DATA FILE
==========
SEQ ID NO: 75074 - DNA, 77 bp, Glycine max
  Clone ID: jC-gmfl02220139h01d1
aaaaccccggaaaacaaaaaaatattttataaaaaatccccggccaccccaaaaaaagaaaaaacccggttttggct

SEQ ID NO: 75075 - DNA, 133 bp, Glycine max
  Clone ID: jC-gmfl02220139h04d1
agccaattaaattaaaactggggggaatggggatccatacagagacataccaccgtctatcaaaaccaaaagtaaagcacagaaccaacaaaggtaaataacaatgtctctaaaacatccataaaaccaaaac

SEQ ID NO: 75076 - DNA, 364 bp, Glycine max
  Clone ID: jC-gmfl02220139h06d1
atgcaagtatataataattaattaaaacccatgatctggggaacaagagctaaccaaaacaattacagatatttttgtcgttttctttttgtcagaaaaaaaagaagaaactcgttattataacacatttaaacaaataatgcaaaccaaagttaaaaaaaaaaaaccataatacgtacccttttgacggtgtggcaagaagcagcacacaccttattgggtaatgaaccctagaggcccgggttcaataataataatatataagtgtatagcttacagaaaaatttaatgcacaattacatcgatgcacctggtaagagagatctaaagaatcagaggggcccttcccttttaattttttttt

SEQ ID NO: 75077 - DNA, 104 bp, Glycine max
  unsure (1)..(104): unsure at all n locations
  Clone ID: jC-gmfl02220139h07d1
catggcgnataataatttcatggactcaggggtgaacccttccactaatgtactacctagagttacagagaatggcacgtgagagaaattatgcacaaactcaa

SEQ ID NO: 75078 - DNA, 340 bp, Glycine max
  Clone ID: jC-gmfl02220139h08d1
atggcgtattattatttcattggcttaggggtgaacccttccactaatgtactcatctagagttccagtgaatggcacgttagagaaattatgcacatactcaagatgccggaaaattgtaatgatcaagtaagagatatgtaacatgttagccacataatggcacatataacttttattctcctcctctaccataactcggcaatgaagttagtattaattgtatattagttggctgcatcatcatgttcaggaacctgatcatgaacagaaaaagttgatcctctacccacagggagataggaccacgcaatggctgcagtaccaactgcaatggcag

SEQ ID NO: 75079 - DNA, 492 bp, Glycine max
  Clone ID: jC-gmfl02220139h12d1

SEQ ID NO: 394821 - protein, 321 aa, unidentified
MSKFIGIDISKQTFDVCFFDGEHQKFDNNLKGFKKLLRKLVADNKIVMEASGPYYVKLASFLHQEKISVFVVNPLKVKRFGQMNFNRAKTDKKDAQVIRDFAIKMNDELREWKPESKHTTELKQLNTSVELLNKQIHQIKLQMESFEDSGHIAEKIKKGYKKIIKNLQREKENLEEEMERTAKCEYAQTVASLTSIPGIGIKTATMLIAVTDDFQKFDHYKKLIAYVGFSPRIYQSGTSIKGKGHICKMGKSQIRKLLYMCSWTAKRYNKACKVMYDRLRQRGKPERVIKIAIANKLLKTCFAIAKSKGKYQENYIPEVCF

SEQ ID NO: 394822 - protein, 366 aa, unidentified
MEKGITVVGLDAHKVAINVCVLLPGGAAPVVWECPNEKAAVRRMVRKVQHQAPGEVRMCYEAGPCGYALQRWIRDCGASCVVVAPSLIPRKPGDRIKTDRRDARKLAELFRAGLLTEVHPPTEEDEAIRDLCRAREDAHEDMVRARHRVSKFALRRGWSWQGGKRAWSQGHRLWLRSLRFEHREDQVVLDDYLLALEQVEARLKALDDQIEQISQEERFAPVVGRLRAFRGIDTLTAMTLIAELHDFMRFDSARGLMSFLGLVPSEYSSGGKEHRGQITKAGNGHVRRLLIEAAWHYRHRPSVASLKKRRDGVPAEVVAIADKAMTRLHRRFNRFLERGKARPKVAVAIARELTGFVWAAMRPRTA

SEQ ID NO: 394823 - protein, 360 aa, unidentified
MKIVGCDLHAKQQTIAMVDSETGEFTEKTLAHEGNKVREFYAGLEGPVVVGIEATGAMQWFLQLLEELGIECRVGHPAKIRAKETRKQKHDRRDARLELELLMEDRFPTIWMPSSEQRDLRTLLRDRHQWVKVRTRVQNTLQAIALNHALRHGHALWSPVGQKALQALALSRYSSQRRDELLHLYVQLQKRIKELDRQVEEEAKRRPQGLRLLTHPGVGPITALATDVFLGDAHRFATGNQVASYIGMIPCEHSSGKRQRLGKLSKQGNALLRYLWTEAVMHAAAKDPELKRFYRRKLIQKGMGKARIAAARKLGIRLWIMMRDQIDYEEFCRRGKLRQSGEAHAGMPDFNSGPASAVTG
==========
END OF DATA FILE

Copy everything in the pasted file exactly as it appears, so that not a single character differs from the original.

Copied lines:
SEQ ID NO: 75074 - DNA, 77 bp, Glycine max
  Clone ID: jC-gmfl02220139h01d1
aaaaccccggaaaacaaaaaaatattttataaaaaatccccggccaccccaaaaaaagaaaaaacccggttttggct

SEQ ID NO: 75075 - DNA, 133 bp, Glycine max
  Clone ID: jC-gmfl02220139h04d1
agccaattaaattaaaactggggggaatggggatccatacagagacataccaccgtctatcaaaaccaaaagtaaagcacagaaccaacaaaggtaaataacaatgtctctaaaacatccataaaaccaaaac

SEQ ID NO: 75076 - DNA, 364 bp, Glycine max
  Clone ID: jC-gmfl02220139h06d1
atgcaagtatataataattaattaaaacccatgatctggggaacaagagctaaccaaaacaattacagatatttttgtcgttttctttttgtcagaaaaaaaagaagaaactcgttattataacacatttaaacaaataatgcaaaccaaagttaaaaaaaaaaaaccataatacgtacccttttgacggtgtggcaagaagcagcacacaccttattgggtaatgaaccctagaggcccgggttcaataataataatatataagtgtatagcttacagaaaaatttaatgcacaattacatcgatgcacctggtaagagagatctaaagaatcagaggggcccttcccttttaattttttttt

SEQ ID NO: 75077 - DNA, 104 bp, Glycine max
  unsure (1)..(104): unsure at all n locations
  Clone ID: jC-gmfl02220139h07d1
catggcgnataataatttcatggactcaggggtgaacccttccactaatgtactacctagagttacagagaatggcacgtgagagaaattatgcacaaactcaa

SEQ ID NO: 75078 - DNA, 340 bp, Glycine max
  Clone ID: jC-gmfl02220139h08d1
atggcgtattattatttcattggcttaggggtgaacccttccactaatgtactcatctagagttccagtgaatggcacgttagagaaattatgcacatactcaagatgccggaaaattgtaatgatcaagtaagagatatgtaacatgttagccacataatggcacatataacttttattctcctcctctaccataactcggcaatgaagttagtattaattgtatattagttggctgcatcatcatgttcaggaacctgatcatgaacagaaaaagttgatcctctacccacagggagataggaccacgcaatggctgcagtaccaactgcaatggcag

SEQ ID NO: 75079 - DNA, 492 bp, Glycine max
  Clone ID: jC-gmfl02220139h12d1

SEQ ID NO: 394821 - protein, 321 aa, unidentified
MSKFIGIDISKQTFDVCFFDGEHQKFDNNLKGFKKLLRKLVADNKIVMEASGPYYVKLASFLHQEKISVFVVNPLKVKRFGQMNFNRAKTDKKDAQVIRDFAIKMNDELREWKPESKHTTELKQLNTSVELLNKQIHQIKLQMESFEDSGHIAEKIKKGYKKIIKNLQREKENLEEEMERTAKCEYAQTVASLTSIPGIGIKTATMLIAVTDDFQKFDHYKKLIAYVGFSPRIYQSGTSIKGKGHICKMGKSQIRKLLYMCSWTAKRYNKACKVMYDRLRQRGKPERVIKIAIANKLLKTCFAIAKSKGKYQENYIPEVCF

SEQ ID NO: 394822 - protein, 366 aa, unidentified
MEKGITVVGLDAHKVAINVCVLLPGGAAPVVWECPNEKAAVRRMVRKVQHQAPGEVRMCYEAGPCGYALQRWIRDCGASCVVVAPSLIPRKPGDRIKTDRRDARKLAELFRAGLLTEVHPPTEEDEAIRDLCRAREDAHEDMVRARHRVSKFALRRGWSWQGGKRAWSQGHRLWLRSLRFEHREDQVVLDDYLLALEQVEARLKALDDQIEQISQEERFAPVVGRLRAFRGIDTLTAMTLIAELHDFMRFDSARGLMSFLGLVPSEYSSGGKEHRGQITKAGNGHVRRLLIEAAWHYRHRPSVASLKKRRDGVPAEVVAIADKAMTRLHRRFNRFLERGKARPKVAVAIARELTGFVWAAMRPRTA

SEQ ID NO: 394823 - protein, 360 aa, unidentified
MKIVGCDLHAKQQTIAMVDSETGEFTEKTLAHEGNKVREFYAGLEGPVVVGIEATGAMQWFLQLLEELGIECRVGHPAKIRAKETRKQKHDRRDARLELELLMEDRFPTIWMPSSEQRDLRTLLRDRHQWVKVRTRVQNTLQAIALNHALRHGHALWSPVGQKALQALALSRYSSQRRDELLHLYVQLQKRIKELDRQVEEEAKRRPQGLRLLTHPGVGPITALATDVFLGDAHRFATGNQVASYIGMIPCEHSSGKRQRLGKLSKQGNALLRYLWTEAVMHAAAKDPELKRFYRRKLIQKGMGKARIAAARKLGIRLWIMMRDQIDYEEFCRRGKLRQSGEAHAGMPDFNSGPASAVTG